Criteria to generate a virtuous cycle for meetings

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How do you make meetings more compelling? This is the latest of a series of blog posts discussing how to transition from making meetings mandatory to having an organization with meetings that people actually want to attend.

Many meetings are not compelling, they are just required.  Meetings should be required to be compelling. I previously discussed some alternatives to even calling a meeting – if it is unidirectional communication, then a meeting isn’t necessary. In today’s post, I discuss the criteria for what makes a meeting useful and compelling, and thus not required to be mandatory.

Your basic goal should not be attendance at the meeting.  Your goal should be instead to create value in the meeting, whether it is a large group meeting or a small team meeting.

Here is my set of criteria for what compels an employee to attend any meeting, whether or not it is deemed mandatory:

1)     the meeting’s attendees bring some value to the employee

2)     the employee brings some value to the meeting’s attendees

3)     the anticipated value exceeds the value of the employee not attending and doing regular work

4)     the meeting’s content and interaction makes the employee’s regular work unstuck, better, easier, more efficient, or compelling

5)     change in the employee’s regular work is required post-meeting

When you look at these set of criteria, you’ll notice that the more value you create, the more likely you’ll get attendance.  So instead of chasing attendance, you should be creating value.  The more of these criteria you meet, the more likely you are going to create value.  Then, the more value you create, the more attendees.  The more attendees creating value, the more value created.  This is the virtuous cycle of meetings.  Yes, meetings don’t have to be awful.  They can actually provide value for your organization – if done well.

You’ll notice in this set of criteria, you don’t need everyone to attend—just the ones who will derive value or create value.  So making a meeting mandatory would disrupt the virtuous cycle, because you’ll have people who are neither creating nor deriving value from the meeting.  Get them out of there.

Think about the last few meetings you’ve attended:  How many of the above five criteria were met?

Now think about the typical “project status update” meeting.  Do any of the criteria get met?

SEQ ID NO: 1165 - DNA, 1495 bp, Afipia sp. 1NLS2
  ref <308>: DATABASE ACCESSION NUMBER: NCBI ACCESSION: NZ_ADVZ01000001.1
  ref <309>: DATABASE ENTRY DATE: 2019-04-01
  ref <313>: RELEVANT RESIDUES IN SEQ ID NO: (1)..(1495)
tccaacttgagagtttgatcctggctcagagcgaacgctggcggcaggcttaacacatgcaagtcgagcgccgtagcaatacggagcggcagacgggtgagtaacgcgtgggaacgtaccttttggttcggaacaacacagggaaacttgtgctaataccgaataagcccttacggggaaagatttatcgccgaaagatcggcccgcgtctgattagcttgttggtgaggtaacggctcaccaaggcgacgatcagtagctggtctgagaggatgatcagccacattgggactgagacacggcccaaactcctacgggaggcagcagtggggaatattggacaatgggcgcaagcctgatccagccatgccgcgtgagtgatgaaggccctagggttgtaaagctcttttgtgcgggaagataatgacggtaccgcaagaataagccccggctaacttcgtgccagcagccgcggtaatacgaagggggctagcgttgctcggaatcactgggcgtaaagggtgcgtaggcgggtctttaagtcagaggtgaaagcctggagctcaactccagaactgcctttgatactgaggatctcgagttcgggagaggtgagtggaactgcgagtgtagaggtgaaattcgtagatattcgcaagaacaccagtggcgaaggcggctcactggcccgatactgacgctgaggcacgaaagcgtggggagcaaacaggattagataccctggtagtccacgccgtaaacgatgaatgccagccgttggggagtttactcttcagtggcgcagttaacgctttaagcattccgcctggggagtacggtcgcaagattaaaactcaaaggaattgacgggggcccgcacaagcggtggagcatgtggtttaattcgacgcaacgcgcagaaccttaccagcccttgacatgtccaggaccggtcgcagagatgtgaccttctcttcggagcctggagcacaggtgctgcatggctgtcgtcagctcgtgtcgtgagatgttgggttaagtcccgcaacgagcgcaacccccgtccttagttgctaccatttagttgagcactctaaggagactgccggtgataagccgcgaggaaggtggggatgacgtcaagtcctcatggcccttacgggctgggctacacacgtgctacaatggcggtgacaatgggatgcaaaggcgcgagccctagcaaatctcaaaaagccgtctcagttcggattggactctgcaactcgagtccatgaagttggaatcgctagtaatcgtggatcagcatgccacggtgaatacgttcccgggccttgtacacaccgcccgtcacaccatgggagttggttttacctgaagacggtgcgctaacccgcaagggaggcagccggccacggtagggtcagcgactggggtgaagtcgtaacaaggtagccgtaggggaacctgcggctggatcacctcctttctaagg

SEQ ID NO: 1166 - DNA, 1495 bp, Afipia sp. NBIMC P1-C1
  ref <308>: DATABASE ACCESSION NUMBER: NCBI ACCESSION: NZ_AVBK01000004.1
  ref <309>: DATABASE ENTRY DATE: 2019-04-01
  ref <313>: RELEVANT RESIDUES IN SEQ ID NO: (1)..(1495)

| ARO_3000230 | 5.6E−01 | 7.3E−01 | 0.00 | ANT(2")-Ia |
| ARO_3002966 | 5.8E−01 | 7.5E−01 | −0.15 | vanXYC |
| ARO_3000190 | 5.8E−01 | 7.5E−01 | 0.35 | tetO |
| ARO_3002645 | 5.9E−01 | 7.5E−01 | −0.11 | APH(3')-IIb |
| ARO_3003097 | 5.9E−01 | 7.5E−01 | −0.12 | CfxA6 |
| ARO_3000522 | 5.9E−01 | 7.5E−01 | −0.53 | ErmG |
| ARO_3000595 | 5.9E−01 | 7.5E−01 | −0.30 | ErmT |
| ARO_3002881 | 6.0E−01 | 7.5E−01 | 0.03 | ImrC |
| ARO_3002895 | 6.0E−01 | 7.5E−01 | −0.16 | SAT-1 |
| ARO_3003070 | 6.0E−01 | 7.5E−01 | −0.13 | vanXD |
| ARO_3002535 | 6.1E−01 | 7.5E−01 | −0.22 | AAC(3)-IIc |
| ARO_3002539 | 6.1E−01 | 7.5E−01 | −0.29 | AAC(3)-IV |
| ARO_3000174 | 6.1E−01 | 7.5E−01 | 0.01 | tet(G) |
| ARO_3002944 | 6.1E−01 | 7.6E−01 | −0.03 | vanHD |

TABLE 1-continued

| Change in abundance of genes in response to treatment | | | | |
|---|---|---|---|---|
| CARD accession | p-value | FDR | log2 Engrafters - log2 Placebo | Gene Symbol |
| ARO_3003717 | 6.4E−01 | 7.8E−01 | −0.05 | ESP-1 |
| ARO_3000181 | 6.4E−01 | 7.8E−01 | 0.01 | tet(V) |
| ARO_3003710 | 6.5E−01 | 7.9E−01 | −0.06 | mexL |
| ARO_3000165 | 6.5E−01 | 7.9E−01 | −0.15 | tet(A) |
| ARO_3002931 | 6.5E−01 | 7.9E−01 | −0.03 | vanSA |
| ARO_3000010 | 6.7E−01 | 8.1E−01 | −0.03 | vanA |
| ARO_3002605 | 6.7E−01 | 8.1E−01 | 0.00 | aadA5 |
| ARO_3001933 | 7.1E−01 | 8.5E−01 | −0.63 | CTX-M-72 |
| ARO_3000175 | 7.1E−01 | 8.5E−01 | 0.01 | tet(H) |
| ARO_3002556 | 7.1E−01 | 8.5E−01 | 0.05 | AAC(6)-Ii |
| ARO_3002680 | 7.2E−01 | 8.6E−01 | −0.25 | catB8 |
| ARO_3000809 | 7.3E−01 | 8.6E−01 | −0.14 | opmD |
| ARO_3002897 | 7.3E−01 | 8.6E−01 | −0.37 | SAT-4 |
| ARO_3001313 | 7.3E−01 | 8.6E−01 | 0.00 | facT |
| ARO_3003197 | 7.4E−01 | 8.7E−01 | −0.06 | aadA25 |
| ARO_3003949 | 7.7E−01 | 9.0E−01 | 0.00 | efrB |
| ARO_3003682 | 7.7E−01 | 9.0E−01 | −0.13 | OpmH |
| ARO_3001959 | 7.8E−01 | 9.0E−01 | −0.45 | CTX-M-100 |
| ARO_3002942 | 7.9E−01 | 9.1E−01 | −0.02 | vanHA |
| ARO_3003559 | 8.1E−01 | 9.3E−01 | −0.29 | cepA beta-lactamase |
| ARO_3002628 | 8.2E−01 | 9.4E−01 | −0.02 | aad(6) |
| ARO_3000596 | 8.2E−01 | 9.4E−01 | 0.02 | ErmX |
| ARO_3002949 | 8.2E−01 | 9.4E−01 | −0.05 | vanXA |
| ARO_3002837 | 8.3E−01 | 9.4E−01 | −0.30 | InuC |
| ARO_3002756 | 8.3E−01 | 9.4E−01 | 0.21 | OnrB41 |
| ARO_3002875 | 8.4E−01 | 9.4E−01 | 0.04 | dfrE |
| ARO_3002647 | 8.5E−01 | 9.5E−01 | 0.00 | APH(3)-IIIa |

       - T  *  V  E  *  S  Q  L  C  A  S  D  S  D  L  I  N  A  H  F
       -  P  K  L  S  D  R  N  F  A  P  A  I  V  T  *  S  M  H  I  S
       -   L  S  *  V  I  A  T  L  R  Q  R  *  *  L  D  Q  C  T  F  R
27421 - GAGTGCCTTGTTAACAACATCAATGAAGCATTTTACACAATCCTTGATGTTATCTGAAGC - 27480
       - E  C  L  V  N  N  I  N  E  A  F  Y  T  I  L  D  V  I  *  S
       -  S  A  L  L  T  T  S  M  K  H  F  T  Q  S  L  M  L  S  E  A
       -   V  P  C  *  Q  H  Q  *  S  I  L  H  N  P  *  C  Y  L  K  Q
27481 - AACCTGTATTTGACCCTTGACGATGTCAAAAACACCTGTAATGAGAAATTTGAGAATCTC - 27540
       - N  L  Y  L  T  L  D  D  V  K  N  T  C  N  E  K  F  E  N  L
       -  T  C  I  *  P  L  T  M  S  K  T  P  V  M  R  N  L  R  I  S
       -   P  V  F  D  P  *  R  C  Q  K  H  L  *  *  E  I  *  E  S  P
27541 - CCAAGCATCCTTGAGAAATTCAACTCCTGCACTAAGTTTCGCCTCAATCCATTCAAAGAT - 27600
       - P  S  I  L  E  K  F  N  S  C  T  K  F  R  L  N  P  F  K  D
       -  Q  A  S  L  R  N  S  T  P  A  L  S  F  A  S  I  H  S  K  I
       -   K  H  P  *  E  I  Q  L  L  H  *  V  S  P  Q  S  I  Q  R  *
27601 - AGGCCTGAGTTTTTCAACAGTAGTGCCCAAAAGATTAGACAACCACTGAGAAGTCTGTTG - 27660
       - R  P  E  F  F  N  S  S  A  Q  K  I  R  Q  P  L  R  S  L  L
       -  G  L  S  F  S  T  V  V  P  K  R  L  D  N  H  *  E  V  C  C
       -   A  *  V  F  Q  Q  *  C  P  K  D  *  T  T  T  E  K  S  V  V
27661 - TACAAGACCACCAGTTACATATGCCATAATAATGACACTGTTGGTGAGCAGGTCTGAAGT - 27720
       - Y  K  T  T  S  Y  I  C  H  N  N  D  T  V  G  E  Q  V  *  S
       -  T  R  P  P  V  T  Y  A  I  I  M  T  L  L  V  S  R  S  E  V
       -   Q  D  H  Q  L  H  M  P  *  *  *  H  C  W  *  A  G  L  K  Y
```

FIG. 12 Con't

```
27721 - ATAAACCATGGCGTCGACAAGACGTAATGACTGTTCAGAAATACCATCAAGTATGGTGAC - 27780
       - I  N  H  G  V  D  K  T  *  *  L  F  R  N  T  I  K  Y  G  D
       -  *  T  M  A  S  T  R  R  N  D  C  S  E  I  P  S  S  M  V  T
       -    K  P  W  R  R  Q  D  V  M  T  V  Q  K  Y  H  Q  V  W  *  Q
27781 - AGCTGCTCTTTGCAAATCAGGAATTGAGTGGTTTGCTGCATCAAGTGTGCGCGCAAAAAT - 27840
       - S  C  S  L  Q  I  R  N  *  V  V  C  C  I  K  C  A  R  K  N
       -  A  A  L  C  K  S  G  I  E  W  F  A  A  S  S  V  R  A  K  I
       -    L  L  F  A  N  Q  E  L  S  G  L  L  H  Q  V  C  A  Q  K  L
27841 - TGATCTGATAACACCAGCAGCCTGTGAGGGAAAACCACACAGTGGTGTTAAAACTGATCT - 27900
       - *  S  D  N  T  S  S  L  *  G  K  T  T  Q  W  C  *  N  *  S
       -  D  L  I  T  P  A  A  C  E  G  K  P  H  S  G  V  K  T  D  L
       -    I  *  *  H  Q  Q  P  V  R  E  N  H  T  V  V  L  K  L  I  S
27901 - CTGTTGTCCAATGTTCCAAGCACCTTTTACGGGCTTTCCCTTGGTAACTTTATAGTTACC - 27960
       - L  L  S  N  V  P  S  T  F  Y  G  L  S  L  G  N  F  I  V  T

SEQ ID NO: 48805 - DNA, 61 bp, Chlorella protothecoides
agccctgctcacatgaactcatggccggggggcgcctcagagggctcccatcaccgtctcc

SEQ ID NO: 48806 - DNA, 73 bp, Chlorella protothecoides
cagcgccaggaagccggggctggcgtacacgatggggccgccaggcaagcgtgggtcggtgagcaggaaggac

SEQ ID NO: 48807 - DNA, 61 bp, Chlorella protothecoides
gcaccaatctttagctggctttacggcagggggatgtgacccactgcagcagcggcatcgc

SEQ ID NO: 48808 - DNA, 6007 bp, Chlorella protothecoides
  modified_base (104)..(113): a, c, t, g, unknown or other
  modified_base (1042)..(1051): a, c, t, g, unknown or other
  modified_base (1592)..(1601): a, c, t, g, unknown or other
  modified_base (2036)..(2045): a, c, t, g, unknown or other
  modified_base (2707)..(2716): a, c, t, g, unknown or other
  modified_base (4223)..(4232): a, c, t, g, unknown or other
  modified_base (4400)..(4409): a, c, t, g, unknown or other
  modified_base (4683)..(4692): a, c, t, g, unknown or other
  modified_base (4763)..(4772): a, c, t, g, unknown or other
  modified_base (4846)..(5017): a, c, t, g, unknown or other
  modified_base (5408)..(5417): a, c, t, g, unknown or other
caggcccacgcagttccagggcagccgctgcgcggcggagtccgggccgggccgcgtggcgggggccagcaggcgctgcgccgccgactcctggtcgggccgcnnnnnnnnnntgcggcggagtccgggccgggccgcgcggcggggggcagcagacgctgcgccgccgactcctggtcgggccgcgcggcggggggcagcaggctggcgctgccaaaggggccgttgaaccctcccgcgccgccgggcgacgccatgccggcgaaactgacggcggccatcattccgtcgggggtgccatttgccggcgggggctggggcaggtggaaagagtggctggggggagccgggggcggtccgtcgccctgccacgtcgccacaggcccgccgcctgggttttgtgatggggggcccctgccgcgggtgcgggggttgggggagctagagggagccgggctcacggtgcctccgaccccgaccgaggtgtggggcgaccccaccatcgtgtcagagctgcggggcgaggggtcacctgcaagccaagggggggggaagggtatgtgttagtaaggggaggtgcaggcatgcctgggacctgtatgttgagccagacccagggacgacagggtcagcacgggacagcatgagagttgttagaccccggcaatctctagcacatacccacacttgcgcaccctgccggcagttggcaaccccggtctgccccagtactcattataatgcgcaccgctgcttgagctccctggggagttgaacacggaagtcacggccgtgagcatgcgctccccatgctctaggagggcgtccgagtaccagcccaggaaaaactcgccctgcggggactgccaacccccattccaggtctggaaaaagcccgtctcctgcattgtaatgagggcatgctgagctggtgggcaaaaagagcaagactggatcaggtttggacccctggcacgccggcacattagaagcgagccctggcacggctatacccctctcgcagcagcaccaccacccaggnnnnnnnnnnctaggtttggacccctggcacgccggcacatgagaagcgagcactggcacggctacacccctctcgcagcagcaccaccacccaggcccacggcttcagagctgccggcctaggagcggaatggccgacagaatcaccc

Think about the typical weekly team meeting.  Do any of the criteria get met?

Now think about a group meeting (40+ people).  Do any of the criteria get met?

If the answer to these questions is “Not many” or “Not typically,” these are meetings that are candidates for not taking place at all.

Now think of meetings where two, three, or more of the criteria were met.  What was the meeting called for?  Who attended?  What happened during the meeting that helped meet the criteria?  What went into the planning?

Now, moving forward on meetings you have this scheduled this week.  Look at them and anticipate how many of the criteria are likely to be met.  The best meetings will have all five criteria met.  The worst (and, I fear, most common) will have zero.  These “zero criteria meetings” are the ones where people try not to attend, and they should certainly not be called mandatory.  The ones with all five will have buzz and positive outcomes.

For you aspiring management designers out there, are managers expected to meet these criteria when they call meetings?  Are they ever rated on these criteria?  Or do we rely on managers to bypass these things that create value and instead allow managers make short cuts and call “mandatory” meetings?

In future blog posts, I’ll discuss how to drive toward meeting these criteria in your meetings.

In the mean time, how many criteria are typically met in your meetings?  Which ones are the worst?  Which ones are the best?

Related posts:

Nine simple tips to make meetings more compelling

A leading indicator for team performance: Chart your meeting quality

The first step to getting out of the mandatory meeting cycle: Don’t call meetings if you were planning one-way communication

More reasons mandatory meetings are bad for you and bad for your team

Making it a mandatory meeting sabotages the meeting

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About Walter Oelwein
Walter Oelwein, CMC, CPT, helps managers become better at managing. To do this, he founded Business Performance Consulting, LLC .


6 Responses to “Criteria to generate a virtuous cycle for meetings”
  1. Sue says:

    Do you have any suggestions on how to politely decline a mandatory meeting that your manager has set up; especially those that are either before or after normal work hours?

  2. Hi Sue,

    One idea is that there may be a policy or something in the work agreement about when “normal work hours” are at your company (which were developed perhaps to precisely set expectations for when you can and cannot be “required” to attend work). So if the meeting is scheduled outside of these hours, you can say, as you decline, “Unfortanately, I’m not able to attend outside of the company’s normal work hours at this time.” Another idea, should this policy not be found anywhere, would be to say, “I’m unable to attend as this is outside of normal work hours. However, I look forward to the notes from the meeting and catching up with you (the boss) or a co-worker who I know will attend and take notes of the events.” It’s always tough, since managers seem to employ this peculiar requirement especially when it doesn’t seem to have a basis in increasing the capacity of the team to perform, and the general ramifications of not attending seem to be always present, despite attendance at a mandatory meeting not usually being related to your direct productivity.


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